UTHSC Leaders Meet with Legislators to Discuss UTHSC Economic Impact, Campus Master Plan and Possible Joint Venture with the MED

LeadersLegislators
Ex. Vice Chancellor & COO Ken Brown gives state and local legislators a tour of the campus, including the $70 million pharmacy building.

Leaders of the University of Tennessee Health Science Center (UTHSC) recently hosted members of the Memphis City Council, Shelby County Commission and state legislature to update them on the economic impact of UTHSC on the community. The group also discussed the UTHSC campus master plan, which includes demolition of five buildings, construction of several new research and education structures, and renovation of outdated, existing facilities.

UTHSC Chancellor Steve Schwab, MD, and Executive Vice Chancellor and Chief Operations Officer Ken Brown, JD, MPA, PhD, welcomed the public officials, including City Council Chairman Edmund Ford Jr., County Commission Chairman James Harvey and State Representative Joe Towns. Brown took them on a tour of the campus, noting that he is committed to telling “the local constituency” more about what UTHSC does, especially the economic impact it has on the community.

As extensive as that role is today – with UTHSC having an almost $2 billion economic impact on the Memphis economy every year – that influence will become even greater, Brown explained, with multiple renovation and construction projects slated for the next few years. “The execution of our campus master plan is going to have a huge economic impact,” he said.

One such project being seriously discussed is a roughly $200 million Women and Infants health pavilion, which would be a cooperative effort with the MED. Another will be the renovation of the Mooney building and library, a structure situated at the historic core of the UTHSC campus, which has been vacant for the past 20 years.

Dr. David Stern, executive dean of the UTHSC College of Medicine, spoke of the pressing need to better take care of the “underserved population” in the region.

This is part of what he called “embedding” the College of Medicine more deeply into the local community. Stern called kidney disease, stroke and infant mortality major problems in the Memphis area. He said that the goal of his tenure is to make real improvements – to move the needle – in those areas.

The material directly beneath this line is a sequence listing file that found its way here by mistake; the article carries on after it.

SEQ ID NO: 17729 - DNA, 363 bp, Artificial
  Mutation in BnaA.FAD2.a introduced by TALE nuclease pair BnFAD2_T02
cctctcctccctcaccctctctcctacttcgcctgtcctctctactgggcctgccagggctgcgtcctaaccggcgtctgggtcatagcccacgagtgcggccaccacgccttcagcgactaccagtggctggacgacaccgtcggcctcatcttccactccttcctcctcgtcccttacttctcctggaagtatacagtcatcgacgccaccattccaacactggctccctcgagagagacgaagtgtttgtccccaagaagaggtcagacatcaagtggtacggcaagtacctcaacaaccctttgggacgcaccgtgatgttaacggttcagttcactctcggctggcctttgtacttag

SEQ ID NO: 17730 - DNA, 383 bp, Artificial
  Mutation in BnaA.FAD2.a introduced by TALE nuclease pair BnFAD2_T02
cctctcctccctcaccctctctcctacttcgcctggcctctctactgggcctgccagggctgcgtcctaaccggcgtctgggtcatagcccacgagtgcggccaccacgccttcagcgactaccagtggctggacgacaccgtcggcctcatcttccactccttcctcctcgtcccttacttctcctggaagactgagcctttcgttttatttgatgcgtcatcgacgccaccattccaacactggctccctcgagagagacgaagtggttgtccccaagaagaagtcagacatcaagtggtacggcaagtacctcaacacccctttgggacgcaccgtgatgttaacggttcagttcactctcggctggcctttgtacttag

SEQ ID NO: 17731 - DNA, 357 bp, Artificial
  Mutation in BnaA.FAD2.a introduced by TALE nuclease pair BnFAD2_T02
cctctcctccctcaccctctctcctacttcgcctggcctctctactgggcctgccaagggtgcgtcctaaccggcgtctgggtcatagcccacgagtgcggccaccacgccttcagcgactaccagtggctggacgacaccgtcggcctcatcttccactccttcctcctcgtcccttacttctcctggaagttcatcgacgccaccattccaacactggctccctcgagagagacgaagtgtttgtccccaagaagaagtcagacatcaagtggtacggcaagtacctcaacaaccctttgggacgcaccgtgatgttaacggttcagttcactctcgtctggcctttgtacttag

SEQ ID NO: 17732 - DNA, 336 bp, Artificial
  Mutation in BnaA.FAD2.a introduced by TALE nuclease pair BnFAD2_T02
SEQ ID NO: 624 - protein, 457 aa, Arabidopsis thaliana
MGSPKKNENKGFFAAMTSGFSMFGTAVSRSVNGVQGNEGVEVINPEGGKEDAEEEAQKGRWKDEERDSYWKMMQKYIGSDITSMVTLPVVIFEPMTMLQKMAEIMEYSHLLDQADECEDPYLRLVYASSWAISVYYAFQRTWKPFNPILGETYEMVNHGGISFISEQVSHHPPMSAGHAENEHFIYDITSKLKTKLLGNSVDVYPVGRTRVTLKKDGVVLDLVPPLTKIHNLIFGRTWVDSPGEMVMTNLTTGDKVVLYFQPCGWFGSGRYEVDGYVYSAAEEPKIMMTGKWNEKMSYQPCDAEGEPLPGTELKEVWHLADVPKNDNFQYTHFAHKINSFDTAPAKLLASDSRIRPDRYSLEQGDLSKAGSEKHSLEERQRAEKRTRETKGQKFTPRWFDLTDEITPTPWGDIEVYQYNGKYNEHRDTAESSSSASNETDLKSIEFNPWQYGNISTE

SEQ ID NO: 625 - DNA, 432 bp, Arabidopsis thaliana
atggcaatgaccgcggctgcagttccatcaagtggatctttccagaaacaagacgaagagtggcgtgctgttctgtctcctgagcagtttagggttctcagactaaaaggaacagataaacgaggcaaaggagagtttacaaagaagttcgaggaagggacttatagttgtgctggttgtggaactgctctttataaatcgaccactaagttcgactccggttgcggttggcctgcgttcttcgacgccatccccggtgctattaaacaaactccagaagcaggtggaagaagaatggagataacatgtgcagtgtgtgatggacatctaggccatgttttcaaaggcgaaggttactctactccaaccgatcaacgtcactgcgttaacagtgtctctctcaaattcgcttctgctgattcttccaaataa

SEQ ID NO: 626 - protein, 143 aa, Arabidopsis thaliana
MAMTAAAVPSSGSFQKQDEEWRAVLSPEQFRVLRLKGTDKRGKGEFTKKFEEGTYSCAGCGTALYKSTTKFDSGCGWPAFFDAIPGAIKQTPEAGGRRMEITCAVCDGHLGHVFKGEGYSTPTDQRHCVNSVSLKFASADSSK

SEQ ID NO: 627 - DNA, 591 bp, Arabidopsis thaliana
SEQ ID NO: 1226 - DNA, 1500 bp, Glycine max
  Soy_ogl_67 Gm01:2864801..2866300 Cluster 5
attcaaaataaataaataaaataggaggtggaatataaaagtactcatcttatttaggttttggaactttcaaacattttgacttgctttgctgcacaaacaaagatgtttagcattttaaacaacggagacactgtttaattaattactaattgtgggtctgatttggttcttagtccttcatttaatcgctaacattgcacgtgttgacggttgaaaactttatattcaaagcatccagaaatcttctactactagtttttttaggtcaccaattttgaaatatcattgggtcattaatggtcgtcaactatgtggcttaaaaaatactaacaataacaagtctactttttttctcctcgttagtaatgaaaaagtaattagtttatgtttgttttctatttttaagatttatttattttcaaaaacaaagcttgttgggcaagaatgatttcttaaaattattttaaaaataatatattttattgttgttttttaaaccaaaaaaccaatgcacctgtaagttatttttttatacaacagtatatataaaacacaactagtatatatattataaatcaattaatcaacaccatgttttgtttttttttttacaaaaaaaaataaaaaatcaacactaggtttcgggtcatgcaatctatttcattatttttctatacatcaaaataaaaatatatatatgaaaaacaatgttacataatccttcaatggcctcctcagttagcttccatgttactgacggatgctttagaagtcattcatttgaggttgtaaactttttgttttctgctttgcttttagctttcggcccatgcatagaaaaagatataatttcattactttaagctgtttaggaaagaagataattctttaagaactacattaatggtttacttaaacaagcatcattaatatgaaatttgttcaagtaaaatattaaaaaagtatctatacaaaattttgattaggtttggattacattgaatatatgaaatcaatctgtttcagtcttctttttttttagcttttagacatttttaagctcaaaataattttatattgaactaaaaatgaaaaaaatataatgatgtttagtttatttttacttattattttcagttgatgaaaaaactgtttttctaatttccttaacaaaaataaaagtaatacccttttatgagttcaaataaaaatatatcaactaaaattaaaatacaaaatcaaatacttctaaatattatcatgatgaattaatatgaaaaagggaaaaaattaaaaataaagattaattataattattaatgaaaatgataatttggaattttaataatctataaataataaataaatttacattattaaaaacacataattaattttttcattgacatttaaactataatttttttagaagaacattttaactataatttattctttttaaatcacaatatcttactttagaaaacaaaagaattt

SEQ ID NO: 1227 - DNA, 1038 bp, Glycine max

“We’re focusing our scientific inquiries on those diseases where we can make a difference here in Memphis,” Chancellor Schwab told the legislators. UTHSC-trained physicians, nurses, pharmacists, dentists and allied health professionals comprise the lion’s share of the health care workforce in the state. UTHSC health care professionals provide more than a million days of hospital care across the state every year and more than two million outpatient visits.

As Tennessee’s only public, statewide, academic health system, the mission of the University of Tennessee Health Science Center (UTHSC) is to bring the benefits of the health sciences to the achievement and maintenance of human health, with a focus on the citizens of Tennessee and the region, by pursuing an integrated program of education, research, clinical care, and public service. Offering a broad range of postgraduate and selected baccalaureate training opportunities, the main UTHSC campus is located in Memphis and includes six colleges: Allied Health Sciences, Dentistry, Graduate Health Sciences, Medicine, Nursing and Pharmacy. UTHSC also educates and trains cohorts of medicine, pharmacy and/or allied health students — in addition to medical residents and fellows — at its major sites in Knoxville, Chattanooga and Nashville. Founded in 1911, during its more than 100 years, UT Health Science Center has educated and trained more than 56,000 health care professionals in academic settings and health care facilities across the state. For more information, visit www.uthsc.edu.